INJURED: Part 2 (a poem of sorts)

The sky is cloudy- there's no rain but it feels like there could have been.

That spring smell, wet asphalt.

I want to run mile repeats, laps around a damp red track. 6:45. 6.30. 6:20. 6 flat.

I get up early, use the morning light to snap some pictures of myself in my Janji apparel for social media, as I've become one of their Janji Corps members (essentially a brand ambassador).

At 9 am I change and head to my new gym for an hour with a personal trainer, who shows me the ropes (literally, the ones you slam on the ground) and teaches me some exercises to strengthen my glutes and hips.

I slam a medicine ball into the ground, over and over and over.

Apart from random stints at the YMCA growing up, I've never been in a gym before. I cast a wary eye at some of the machines, at big-bicep bros wearing grey tank tops facing grey walls lifting grey metal.

I crave more than ever my colorful runs through and away from the city.

I don't really feel like I've worked out- I wor…


I've been absent from this blog for a while. 

I kept thinking about posting, but didn't want to delve too deep into running because it hurt too much. I've read that when runners are injured, they often go through the same phases of grief as one does when losing a loved one.

Fun times.

My last post on here was on July 20th, 2017, one month after I ran a race that injured me so badly I haven't been able to train since. It wasn't the race that injured me, of course- but let me start from the beginning.


I love marathons. 

I ran my first a few years ago, after completing seven half marathons between ages 13 and 18. The decision to attempt a full was a combination of boredom- I was getting tired of the half- and the fact that my college didn't have a cross-country team, so I had the freedom to experiment with a distance I thought would be fun. And man, was it.

I was lucky enough to live in Singapore when I begun my training, and I loved doing long runs in the morn…

through the eye of a runner [part 1]

I wake up early, but not too early. 

The click of the light above the stove and the rickety splashes of water coming to a boil are comforting to me, signifying routine as I rinse yesterday's grinds out of the French press. I spread almond butter over my toast and add a dash of salt, sitting to enjoy my breakfast before I get dressed.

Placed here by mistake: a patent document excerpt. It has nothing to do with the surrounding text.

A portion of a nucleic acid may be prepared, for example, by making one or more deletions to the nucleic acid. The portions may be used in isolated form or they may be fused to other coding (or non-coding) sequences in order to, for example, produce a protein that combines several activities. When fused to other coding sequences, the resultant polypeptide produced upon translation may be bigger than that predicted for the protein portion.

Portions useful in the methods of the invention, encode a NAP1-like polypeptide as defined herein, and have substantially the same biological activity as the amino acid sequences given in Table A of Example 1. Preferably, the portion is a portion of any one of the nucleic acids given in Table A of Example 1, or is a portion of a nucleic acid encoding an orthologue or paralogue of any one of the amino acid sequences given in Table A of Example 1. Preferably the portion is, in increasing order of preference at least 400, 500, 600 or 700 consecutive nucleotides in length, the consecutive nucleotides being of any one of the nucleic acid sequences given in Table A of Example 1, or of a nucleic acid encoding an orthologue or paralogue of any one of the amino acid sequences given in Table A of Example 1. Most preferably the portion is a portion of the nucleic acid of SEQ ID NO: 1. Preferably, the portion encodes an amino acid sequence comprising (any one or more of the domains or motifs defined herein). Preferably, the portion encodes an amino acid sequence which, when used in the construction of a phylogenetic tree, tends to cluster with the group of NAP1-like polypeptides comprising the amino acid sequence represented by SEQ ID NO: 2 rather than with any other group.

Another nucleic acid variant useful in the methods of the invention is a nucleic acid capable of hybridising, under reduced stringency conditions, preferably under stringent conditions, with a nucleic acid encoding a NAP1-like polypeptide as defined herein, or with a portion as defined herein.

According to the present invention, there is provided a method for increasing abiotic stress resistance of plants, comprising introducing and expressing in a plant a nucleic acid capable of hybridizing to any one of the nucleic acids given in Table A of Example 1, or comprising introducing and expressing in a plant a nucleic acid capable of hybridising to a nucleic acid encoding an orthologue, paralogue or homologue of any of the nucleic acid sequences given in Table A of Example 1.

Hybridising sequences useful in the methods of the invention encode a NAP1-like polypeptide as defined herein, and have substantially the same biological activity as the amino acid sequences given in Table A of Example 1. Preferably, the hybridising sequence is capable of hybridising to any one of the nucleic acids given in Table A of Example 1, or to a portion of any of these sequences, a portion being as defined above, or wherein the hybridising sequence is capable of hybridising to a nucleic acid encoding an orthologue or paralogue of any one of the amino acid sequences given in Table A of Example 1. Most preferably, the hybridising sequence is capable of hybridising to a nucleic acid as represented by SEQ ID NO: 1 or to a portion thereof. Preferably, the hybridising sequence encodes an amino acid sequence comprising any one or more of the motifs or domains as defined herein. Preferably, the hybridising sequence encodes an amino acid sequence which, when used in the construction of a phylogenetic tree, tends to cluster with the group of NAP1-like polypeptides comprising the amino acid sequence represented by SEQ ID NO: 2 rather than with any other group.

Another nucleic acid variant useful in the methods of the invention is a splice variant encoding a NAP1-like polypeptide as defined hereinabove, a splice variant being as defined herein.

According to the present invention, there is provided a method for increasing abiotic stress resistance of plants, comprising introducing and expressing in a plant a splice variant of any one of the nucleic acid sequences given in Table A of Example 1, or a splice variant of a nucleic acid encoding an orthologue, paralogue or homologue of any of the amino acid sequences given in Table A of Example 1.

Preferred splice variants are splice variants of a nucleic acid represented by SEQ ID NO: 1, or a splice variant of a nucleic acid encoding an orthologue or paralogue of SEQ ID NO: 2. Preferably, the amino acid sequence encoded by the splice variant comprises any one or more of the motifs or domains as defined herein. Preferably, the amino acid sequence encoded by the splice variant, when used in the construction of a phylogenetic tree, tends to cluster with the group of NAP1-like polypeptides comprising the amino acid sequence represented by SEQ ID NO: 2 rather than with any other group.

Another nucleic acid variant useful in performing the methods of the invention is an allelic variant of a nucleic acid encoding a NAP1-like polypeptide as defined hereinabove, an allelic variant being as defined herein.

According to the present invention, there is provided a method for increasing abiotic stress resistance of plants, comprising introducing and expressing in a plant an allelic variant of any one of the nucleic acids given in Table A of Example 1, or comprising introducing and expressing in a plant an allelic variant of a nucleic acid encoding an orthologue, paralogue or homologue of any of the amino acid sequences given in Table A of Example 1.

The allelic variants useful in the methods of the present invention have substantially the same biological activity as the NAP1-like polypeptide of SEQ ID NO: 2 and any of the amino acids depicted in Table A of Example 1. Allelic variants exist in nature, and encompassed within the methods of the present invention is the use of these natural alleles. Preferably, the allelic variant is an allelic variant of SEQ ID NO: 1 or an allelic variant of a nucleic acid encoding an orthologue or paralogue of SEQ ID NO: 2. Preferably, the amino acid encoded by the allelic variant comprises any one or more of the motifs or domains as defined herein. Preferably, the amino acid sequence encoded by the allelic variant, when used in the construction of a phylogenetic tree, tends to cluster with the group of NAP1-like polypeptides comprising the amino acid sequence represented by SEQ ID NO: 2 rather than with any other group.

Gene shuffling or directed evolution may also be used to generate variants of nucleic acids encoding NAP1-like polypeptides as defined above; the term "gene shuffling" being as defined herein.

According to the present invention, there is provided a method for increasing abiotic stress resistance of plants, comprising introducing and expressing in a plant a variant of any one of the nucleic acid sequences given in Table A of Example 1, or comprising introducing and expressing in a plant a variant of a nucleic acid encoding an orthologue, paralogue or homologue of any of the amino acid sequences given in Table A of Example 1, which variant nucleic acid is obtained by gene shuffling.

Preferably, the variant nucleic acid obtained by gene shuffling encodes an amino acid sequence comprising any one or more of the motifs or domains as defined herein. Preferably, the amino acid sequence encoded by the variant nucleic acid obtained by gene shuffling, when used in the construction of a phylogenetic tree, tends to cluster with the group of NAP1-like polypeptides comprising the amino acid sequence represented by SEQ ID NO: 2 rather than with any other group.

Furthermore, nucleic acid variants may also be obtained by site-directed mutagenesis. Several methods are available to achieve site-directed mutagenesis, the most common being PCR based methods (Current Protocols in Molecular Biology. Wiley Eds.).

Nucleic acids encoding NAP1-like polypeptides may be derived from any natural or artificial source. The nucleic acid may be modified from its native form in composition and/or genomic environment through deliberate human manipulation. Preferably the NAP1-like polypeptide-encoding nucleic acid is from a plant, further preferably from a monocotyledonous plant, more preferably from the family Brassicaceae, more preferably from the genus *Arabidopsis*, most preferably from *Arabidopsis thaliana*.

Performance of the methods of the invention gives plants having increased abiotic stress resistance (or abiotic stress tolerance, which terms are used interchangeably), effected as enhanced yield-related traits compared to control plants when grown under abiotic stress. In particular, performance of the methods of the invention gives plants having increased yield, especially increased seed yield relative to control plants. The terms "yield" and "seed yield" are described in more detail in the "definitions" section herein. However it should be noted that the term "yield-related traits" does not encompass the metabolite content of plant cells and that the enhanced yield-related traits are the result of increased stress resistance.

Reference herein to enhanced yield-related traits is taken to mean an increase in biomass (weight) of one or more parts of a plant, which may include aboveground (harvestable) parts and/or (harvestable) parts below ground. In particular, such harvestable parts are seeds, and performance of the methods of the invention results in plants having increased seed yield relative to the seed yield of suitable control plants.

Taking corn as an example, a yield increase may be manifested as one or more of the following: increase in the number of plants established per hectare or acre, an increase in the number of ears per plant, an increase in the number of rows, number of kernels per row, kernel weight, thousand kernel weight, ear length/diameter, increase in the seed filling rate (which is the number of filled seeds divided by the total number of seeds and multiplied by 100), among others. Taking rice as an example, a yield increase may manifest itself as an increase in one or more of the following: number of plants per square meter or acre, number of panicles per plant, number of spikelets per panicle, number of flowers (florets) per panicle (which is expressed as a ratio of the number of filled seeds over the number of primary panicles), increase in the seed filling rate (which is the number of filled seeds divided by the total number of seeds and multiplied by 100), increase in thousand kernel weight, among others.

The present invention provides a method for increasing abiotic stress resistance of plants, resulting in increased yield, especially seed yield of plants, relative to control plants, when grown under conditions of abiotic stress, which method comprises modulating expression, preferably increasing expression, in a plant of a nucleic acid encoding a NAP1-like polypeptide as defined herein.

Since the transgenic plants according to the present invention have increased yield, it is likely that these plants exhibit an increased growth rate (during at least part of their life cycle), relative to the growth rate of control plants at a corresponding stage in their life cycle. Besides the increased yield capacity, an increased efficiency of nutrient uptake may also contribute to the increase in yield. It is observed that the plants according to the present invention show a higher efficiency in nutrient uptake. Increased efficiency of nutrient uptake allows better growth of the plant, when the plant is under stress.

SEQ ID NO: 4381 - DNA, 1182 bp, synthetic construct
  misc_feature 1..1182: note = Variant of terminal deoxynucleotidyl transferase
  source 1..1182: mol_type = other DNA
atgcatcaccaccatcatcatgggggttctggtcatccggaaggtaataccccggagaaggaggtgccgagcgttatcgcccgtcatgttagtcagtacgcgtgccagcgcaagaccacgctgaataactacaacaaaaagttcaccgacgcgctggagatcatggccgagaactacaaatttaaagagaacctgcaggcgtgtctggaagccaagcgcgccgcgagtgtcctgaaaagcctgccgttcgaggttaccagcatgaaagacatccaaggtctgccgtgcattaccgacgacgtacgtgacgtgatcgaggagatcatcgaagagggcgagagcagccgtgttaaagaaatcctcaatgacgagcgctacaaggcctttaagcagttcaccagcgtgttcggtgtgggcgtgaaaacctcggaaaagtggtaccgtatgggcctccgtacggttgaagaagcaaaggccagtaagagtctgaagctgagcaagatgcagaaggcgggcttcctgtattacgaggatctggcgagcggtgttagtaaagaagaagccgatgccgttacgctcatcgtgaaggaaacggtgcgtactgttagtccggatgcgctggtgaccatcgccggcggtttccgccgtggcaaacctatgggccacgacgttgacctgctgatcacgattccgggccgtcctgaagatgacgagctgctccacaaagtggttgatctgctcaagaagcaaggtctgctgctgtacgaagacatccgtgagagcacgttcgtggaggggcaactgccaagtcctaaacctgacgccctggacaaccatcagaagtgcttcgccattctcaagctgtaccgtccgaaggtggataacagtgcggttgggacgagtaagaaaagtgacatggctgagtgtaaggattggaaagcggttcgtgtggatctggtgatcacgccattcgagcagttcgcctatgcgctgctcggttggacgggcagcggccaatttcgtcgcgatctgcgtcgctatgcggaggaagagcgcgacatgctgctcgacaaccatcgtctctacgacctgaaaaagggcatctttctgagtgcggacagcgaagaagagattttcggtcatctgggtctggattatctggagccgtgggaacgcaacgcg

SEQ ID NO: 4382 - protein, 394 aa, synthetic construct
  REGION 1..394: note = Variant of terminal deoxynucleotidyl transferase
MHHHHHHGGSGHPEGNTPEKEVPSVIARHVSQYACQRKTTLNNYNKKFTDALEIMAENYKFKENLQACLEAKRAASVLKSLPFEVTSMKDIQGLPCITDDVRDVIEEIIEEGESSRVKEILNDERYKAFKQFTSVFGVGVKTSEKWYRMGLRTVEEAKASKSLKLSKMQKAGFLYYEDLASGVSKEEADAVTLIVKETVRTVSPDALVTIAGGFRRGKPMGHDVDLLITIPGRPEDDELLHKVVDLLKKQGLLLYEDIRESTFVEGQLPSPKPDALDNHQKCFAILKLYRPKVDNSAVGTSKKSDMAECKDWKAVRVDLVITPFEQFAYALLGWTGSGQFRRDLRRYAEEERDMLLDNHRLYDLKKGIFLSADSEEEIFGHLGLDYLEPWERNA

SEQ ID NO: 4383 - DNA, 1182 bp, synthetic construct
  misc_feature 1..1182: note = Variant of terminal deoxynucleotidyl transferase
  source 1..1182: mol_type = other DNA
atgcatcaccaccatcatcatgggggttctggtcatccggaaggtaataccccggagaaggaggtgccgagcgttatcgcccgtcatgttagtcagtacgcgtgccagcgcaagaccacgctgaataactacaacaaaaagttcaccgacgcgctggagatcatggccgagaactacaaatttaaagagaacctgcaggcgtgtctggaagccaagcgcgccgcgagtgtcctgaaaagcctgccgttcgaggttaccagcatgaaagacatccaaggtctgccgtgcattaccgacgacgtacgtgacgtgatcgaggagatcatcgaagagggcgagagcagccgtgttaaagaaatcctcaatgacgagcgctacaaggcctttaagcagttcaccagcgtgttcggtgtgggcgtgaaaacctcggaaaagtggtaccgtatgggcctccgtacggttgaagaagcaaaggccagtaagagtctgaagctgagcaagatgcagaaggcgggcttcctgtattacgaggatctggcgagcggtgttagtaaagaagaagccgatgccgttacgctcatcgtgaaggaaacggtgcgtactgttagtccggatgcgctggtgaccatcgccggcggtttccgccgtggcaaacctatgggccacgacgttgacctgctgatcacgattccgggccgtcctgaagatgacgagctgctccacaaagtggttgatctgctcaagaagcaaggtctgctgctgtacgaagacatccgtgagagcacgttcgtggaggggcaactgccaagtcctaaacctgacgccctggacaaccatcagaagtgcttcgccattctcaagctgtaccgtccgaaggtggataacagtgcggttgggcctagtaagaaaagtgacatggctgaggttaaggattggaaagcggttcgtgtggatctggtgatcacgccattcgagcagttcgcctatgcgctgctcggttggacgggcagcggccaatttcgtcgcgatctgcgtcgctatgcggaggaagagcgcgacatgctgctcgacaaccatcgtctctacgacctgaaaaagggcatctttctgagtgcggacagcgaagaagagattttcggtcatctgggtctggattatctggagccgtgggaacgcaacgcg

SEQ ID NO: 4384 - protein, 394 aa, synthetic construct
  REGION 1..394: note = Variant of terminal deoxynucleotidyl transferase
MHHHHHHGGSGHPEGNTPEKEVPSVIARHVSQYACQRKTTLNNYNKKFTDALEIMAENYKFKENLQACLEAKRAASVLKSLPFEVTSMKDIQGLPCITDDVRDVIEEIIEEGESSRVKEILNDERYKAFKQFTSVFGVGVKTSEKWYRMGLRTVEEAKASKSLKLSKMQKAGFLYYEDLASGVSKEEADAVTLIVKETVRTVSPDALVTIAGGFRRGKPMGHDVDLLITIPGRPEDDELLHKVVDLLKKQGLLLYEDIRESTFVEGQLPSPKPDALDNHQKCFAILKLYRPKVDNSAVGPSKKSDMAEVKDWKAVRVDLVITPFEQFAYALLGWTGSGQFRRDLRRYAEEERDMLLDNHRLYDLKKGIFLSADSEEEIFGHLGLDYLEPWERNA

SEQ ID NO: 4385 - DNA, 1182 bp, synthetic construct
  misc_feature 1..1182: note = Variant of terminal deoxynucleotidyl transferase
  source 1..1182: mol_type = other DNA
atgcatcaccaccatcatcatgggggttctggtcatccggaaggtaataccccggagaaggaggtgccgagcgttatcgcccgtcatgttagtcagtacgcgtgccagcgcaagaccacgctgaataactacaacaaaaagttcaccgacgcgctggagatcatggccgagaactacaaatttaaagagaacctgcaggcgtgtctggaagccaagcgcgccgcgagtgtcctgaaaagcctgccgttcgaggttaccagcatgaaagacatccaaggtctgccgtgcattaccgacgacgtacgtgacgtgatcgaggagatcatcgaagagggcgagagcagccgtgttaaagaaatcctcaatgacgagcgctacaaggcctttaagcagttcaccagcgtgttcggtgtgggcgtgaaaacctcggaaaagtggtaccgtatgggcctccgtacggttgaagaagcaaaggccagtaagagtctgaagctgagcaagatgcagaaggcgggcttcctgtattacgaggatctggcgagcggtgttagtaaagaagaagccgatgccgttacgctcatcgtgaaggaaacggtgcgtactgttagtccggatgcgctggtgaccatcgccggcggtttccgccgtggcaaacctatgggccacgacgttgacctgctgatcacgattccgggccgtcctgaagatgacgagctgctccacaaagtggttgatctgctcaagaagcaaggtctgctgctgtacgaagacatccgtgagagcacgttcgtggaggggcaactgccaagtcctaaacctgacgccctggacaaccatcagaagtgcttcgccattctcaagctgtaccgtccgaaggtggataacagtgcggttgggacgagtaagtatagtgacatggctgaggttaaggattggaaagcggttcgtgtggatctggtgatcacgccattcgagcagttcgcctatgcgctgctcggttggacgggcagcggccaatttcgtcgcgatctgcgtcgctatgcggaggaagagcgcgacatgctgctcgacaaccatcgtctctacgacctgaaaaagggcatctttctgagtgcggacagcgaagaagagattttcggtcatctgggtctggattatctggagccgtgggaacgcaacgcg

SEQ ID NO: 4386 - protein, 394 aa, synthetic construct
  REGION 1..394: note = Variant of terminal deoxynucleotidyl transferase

It's a beautiful morning. 

I notice this while drinking my coffee and again as I tie my hair up and secure loose tendrils with an elastic headband. It's hot pink and matches my running socks. My shirt is black and reads "STRENGTH IS BEAUTY" in large white letters. Often passerby have commented on it.

Once I would have tucked a couple Gu in my running shorts, but I've become pickier. With a paring knife my grandmother gave me, I slice open three dried figs, slip pinches of pink Himalayan salt into them and squeeze them back together. I pull two honey sticks out of the cupboard and tuck them into my sports bra.

Nothing is on my schedule…

The Undeniable Importance of Running Long

If you're a runner, chances are at some point you will experience the beauty of the long run.

This particular run gets a lot of nicknames, my favorite being LSD ('Long Slow Distance', people, come on...). Most runners do these on Saturday or Sunday, getting their biggest mileage out of the way on days when they don't have too many other obligations. Trust me, spending all day at work after a two-hour morning run is not always the easiest.

I love long runs. The easy ones where I'm flying and I run without any need for music, just the rhythm of my feet on the ground... The ones where I'm cramping and struggling and I forgot to bring fuel and it feels like years before I get home- then I feel like I've conquered something. The times where I forget I'm running at all and get lost in the activity.

Each long run is it's own experience, for better or for worse, and I love them all for different reasons.

Sometimes it's fun to run with people, but often …

The Runner's Reading List

Inspiration is necessary if you are going to be a runner.

Especially in distance running, where the limits of what you can achieve are largely dictated by your mind. There are plenty of ways to inspire yourself to run, especially these days with social media, where you can follow anyone from Shalane Flanagan to other runners in your neighborhood to see what they're up to. You can check out running blogs like this one, join a running group... I mean, the list goes on.

Still, I've always found the best way to stay inspired is to delve into a good book.

There's a surprising amount of running literature out there, from the classic "Aerobics" of the '60s to stories about teenagers on high school cross country teams, modern get-fit-now plugs and musings on running as a form of meditation. Really, there's a ton of writing about running out there. Whether you want something scientific, contemplative or adventurous, there is somebody who has written something like…

Why I Run

If you're a runner,  people who don't run will ask you why. Always.

"Wait, you do that for fun?"
"Why would you do that to yourself?"
"I HATE running!"
"What kind of masochist are you??"

I've found, after many failed attempts to draw the uninitiated into the world of running, that the best response is to just laugh and shrug. I never really knew why I ran- why expect anyone else to understand? Sometimes, when people have asked me seriously, without the incredulity of a non-athlete, I've tried to come up with a real answer. For the longest time, I couldn't.
I began to wonder if that was a bad thing.

Did the fact that I didn't know why I was running mean I shouldn't be running at all?

I tried to write about it but it always seemed forced, full of cliches...

Until the year I finally figured out how to answer. 
The winter of my 17th year was a dark one, physically and emotionally. My last high school season of cross countr…